‘In Capernaum by the sea’

4 minute read

Preached at S. Thomas, Kensal Town, on the Third Sunday after the Epiphany, 2020

‘Jesus left Nazareth and made his home in Capernaum by the sea.’ (Mt. 4.13)

For the last six months, I have been a school chaplain. I work in Islington at a comprehensive school, with 1350 children aged between four and eighteen. It’s a genuinely amazing job. I love it every single day. The children and young people I work with are endlessly fascinating and creative – both for good and ill!

I have a special privilege: working with children as they go through childhood and adolescence, watching them growing up. Watching them finding their feet. This is especially true for the new year 7 children, moving from the order and certainty of primary school into the much bigger, much more chaotic world of a secondary school. Life gets complicated. All the former certainties are gone, eyes are opened and there is a whole new world to discover, whose horizons are much further away, whose paths – and even whose rooms – are much harder to find.

‘Jesus left Nazareth and made his home in Capernaum by the sea.’

I wonder what it was like for Jesus. He moved away from his childhood home. He moved away from his childhood, from his friends, from his family, from the world he knew. It was 20 miles away. It’s like walking from here to Slough or to Welwyn Garden City. When was the last time you did that? It’s a whole new world. I wonder what he felt like.

He made his home in Capernaum by the sea.

By the sea. For all that the Sea of Galilee is a piddling little puddle in any reasonable context, it was nonetheless a scary thing. For all that Peter and Andrew and several of the other disciples were fishermen, the sea was still a place of chaos and terror. On land, there was a degree of safety, of familiarity, of control. But the sea, the sea was wild, out of any possible human control.

‘Jesus left Nazareth and made his home in Capernaum by the sea.’

Jesus is thirty years old here. He has been an adult for a fair old while now, but perhaps this is a moment of growing up, of stepping away from his childhood and taking on the burden he was born for. He felt excited. He felt disconcerted. He felt lost. It was new. It was uncomfortable. Just as he felt hunger in the manger, just as he felt fear in the Garden of Gethsemane, just as he felt pain as the nails were driven into his hands on the Cross, so here he feels disconcerted, apprehensive and nervous. This is a beginning, and just as in our beginnings our Lord felt afraid.

And in Jesus’ new beginning is the new beginning for Peter and Andrew as well, as they are called from their nets to follow Jesus. Such a simple thing to do now, but if only they had known… If only they had known the journey, if they had known their failings and falls, if they had known of the Cross, if they had known of their hard years telling of Christ, if they had known of their martyrdoms in the name of this man, would they have followed him?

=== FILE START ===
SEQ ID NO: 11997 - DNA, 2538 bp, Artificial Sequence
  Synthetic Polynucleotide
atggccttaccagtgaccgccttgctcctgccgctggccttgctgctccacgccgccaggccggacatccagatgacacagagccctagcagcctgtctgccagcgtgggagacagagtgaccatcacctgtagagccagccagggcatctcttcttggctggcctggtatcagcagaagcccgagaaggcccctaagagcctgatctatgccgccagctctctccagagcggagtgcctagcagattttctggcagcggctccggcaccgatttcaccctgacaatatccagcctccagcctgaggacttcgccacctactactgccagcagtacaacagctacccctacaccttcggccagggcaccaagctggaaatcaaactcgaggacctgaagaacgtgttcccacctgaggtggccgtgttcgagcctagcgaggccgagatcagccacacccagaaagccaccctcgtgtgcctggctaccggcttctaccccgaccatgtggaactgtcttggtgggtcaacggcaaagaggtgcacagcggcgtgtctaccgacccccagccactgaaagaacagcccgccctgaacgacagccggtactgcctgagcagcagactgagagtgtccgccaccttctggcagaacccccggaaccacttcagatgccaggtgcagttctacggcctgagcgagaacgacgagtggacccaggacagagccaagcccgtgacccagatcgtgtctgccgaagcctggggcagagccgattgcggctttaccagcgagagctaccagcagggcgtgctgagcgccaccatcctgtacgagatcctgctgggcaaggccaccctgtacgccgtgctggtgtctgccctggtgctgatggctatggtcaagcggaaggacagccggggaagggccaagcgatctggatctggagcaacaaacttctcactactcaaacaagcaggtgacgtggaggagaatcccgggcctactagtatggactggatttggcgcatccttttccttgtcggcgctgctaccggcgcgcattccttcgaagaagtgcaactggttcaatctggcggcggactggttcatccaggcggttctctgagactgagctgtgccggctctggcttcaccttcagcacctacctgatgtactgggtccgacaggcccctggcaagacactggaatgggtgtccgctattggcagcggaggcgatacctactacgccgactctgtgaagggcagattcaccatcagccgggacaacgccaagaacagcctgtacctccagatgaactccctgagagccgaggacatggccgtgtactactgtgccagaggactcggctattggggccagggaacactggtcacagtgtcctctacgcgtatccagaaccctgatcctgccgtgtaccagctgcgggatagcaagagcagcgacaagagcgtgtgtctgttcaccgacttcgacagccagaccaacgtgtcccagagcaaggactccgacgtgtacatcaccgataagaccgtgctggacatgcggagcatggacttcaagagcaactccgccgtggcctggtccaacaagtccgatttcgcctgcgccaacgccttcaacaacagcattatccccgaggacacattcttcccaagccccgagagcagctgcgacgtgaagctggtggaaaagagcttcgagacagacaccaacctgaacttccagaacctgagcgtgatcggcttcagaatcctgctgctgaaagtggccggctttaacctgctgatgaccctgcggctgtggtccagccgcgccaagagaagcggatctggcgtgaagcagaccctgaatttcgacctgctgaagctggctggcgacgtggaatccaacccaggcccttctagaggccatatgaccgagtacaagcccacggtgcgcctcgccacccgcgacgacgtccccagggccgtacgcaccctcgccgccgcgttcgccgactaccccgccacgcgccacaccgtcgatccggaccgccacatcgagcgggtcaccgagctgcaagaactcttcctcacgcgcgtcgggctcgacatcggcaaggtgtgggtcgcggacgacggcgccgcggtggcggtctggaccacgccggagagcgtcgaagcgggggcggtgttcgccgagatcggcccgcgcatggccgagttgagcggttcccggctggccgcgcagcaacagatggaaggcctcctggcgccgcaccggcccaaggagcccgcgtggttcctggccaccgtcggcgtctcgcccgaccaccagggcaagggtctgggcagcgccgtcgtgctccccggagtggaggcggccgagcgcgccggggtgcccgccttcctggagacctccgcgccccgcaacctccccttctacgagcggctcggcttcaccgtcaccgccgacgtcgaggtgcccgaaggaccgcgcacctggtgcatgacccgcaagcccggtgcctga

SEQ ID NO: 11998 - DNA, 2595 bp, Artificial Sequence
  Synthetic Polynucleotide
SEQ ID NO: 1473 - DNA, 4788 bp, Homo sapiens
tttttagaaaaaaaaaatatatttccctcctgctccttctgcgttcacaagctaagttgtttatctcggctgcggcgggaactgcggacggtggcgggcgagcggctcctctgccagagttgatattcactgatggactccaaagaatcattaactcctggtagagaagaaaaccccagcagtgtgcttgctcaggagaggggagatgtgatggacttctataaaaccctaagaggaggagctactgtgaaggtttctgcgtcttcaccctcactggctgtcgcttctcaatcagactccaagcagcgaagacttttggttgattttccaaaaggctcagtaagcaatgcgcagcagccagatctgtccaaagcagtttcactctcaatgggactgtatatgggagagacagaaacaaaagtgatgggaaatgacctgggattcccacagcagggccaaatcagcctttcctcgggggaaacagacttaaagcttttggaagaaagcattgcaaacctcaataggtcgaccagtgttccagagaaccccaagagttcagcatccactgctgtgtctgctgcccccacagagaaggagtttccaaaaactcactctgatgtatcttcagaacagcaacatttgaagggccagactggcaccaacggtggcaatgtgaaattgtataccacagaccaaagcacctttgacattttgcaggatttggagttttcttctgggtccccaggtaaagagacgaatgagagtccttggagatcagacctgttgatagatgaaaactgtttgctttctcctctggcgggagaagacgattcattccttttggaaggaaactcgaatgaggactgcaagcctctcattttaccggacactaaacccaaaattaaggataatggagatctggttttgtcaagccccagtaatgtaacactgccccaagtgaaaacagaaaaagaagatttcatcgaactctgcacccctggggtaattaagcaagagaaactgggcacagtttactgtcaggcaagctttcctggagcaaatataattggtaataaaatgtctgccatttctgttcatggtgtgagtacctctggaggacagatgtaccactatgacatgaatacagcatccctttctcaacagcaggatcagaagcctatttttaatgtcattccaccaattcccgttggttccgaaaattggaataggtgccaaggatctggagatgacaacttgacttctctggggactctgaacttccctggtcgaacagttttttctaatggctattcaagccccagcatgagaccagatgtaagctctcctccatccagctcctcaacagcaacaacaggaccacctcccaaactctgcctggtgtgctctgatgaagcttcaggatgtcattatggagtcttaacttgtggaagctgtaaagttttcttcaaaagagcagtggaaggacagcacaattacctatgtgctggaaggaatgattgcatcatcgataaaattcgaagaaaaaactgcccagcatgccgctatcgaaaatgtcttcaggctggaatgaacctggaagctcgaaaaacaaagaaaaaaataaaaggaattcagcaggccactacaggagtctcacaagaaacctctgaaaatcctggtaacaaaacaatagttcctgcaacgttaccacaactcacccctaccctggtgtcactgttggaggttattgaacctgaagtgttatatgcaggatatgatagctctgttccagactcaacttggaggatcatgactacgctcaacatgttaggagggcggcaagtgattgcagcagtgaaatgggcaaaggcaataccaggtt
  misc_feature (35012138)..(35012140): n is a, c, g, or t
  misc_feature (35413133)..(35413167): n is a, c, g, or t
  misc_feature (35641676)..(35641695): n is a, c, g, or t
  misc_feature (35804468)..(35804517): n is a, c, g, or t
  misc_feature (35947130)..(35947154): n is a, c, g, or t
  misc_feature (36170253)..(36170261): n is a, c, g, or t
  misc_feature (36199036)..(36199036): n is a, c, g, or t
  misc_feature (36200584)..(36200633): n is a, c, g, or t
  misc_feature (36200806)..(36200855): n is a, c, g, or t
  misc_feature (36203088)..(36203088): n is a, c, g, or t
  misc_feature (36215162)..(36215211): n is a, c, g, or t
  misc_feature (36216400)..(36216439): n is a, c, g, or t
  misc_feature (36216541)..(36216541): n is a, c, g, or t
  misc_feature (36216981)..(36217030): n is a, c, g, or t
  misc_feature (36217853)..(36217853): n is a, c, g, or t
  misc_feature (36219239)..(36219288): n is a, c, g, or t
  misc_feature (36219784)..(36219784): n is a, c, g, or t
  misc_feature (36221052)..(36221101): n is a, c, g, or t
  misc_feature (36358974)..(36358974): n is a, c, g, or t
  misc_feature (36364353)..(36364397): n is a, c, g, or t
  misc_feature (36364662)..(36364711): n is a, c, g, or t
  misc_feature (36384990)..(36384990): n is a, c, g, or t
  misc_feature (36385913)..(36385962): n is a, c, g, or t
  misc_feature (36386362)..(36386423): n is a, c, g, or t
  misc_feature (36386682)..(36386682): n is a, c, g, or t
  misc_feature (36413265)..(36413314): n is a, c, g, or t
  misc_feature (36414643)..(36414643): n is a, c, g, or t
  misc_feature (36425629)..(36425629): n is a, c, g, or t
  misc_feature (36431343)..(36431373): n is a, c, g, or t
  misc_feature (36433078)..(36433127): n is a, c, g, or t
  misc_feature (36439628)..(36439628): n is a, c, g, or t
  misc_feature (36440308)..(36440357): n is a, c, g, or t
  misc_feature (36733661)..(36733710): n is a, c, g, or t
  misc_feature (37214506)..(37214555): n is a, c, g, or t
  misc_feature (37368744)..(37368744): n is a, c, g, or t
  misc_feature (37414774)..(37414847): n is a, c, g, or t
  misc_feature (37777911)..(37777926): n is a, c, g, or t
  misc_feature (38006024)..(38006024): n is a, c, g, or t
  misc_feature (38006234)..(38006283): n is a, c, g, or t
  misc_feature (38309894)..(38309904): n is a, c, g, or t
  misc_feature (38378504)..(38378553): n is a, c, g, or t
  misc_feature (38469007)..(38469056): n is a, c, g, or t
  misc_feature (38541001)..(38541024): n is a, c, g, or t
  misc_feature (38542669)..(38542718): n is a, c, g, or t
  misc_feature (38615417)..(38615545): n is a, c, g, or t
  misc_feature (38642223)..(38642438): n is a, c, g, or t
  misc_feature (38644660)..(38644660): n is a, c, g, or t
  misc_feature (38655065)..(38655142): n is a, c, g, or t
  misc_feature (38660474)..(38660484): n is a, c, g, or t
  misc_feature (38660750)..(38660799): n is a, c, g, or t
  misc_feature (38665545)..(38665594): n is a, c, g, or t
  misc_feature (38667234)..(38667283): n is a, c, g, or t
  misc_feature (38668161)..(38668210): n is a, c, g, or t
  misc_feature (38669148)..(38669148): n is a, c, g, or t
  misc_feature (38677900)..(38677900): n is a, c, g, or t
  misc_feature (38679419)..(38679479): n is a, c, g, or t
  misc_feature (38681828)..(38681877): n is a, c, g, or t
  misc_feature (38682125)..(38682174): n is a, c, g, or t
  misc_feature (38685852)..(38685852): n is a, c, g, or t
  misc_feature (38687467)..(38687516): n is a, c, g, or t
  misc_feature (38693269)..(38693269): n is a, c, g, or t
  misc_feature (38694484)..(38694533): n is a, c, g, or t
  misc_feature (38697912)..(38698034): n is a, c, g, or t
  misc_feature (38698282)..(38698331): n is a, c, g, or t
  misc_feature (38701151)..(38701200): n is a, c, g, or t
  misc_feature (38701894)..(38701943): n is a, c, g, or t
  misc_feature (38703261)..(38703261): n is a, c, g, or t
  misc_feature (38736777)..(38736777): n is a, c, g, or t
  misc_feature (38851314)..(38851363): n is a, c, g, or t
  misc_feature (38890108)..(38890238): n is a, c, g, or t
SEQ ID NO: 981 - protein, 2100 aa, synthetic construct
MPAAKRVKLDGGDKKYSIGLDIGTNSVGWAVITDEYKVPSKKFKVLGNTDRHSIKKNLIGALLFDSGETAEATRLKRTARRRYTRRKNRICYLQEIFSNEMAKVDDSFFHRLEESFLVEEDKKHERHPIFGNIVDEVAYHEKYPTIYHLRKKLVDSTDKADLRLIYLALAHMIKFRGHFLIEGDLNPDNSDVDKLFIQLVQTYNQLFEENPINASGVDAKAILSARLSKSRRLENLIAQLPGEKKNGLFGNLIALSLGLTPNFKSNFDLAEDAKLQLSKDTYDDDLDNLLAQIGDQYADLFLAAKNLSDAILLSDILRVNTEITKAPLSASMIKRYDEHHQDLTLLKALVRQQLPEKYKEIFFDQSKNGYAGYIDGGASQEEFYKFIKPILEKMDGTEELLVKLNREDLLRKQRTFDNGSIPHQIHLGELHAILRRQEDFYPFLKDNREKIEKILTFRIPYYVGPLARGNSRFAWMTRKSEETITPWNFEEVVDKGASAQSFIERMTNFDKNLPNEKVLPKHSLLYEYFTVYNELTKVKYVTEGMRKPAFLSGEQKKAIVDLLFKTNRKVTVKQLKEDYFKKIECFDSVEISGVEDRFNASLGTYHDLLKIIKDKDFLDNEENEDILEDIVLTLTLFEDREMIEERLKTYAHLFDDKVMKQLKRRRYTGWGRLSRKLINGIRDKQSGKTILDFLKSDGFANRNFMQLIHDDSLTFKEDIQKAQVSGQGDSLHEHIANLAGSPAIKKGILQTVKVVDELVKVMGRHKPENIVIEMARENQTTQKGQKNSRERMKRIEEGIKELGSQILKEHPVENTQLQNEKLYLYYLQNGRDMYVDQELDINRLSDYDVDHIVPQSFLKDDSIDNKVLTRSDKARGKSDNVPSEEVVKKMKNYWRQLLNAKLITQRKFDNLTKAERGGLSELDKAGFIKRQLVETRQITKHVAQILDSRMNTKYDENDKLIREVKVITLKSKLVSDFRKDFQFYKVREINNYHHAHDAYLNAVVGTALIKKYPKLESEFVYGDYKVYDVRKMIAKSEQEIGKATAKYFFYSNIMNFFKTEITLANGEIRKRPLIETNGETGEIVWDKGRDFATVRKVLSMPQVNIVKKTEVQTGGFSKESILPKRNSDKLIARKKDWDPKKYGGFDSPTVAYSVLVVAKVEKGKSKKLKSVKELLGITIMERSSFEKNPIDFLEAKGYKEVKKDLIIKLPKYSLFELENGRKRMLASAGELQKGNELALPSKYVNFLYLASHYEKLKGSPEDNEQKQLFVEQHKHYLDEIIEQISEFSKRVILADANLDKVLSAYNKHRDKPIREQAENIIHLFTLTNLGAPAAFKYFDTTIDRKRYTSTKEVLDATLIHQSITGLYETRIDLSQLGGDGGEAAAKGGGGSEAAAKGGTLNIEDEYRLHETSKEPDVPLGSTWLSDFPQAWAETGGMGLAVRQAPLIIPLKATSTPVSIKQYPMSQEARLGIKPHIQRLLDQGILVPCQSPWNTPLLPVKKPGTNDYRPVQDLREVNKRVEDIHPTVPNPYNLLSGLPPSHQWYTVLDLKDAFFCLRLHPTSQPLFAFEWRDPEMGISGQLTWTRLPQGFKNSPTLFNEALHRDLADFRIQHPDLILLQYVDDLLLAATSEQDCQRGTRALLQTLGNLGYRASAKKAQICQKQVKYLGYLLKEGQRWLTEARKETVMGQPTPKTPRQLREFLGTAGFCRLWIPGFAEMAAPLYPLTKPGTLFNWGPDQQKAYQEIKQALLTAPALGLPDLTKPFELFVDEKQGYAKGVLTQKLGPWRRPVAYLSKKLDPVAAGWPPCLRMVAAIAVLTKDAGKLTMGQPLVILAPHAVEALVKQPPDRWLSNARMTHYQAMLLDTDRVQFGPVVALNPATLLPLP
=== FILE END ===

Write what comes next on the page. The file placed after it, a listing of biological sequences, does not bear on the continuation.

Meanwhile, S. Paul writes to the Corinthians. The Corinthians, whose Christian conversion had plainly not resulted in growing up. They are locked in a juvenile battle over supremacy, over who was better, whose baptism was superior. Paul rebukes them.

‘Christ sent me to proclaim the gospel, and not with eloquent wisdom, so that the cross of Christ might not be emptied of its power. For the message about the cross is foolishness to those who are perishing.’

One of the key aspects of growing up is embracing complexity and ambiguity. Life is not as simple and straightforward as it seems when we are seven.

The Christians in Corinth didn’t understand. They still thought in the same way as before. They thought that the Christian faith was just like their former life, like the rest of the world, with Jesus bolted on the outside. They thought that a Christian life was just as competitive, all about seeking power, seeking supremacy – and like all Greek society, valuing eloquence.

These, S. Paul says, empty the Cross of its power. The Cross stands in opposition to the world. To the rest of the world it is foolishness. From the outside, Jesus’ life and especially his death seem pointless. They seem to achieve nothing. But there is a deeper wisdom, if you will perceive it. There is a deeper wisdom, elusive, disconcerting, unfathomable as it may be. The mystery of the Cross.

‘Jesus left Nazareth and made his home in Capernaum by the sea.’

This is, I think, what growing up, maturity, in the Christian faith is all about. It isn’t simple. It’s not normal life with Jesus bolted on. It’s a whole new way of perceiving and understanding the world. It means leaving behind all the old certainties.

We, like Jesus, have to leave Nazareth. We have to step out of our infancy, step out of what is safe and comfortable and well-ordered. We have to make our home by the sea. We have to come to terms with the chaos and the uncertainty of the world.

The Christian faith is not founded on simple answers to life’s deepest questions. No, it is founded on the Cross, which offers no easy answers. It is founded on the Cross, which defies all our attempts to explain it, to categorise it, to understand it.

To grow up as a Christian does not mean understanding everything. It means learning to live in the shadow of the Cross, that deep mystery that offers no simple answers, but is the path to life eternal.

‘Jesus left Nazareth and made his home in Capernaum by the sea.’

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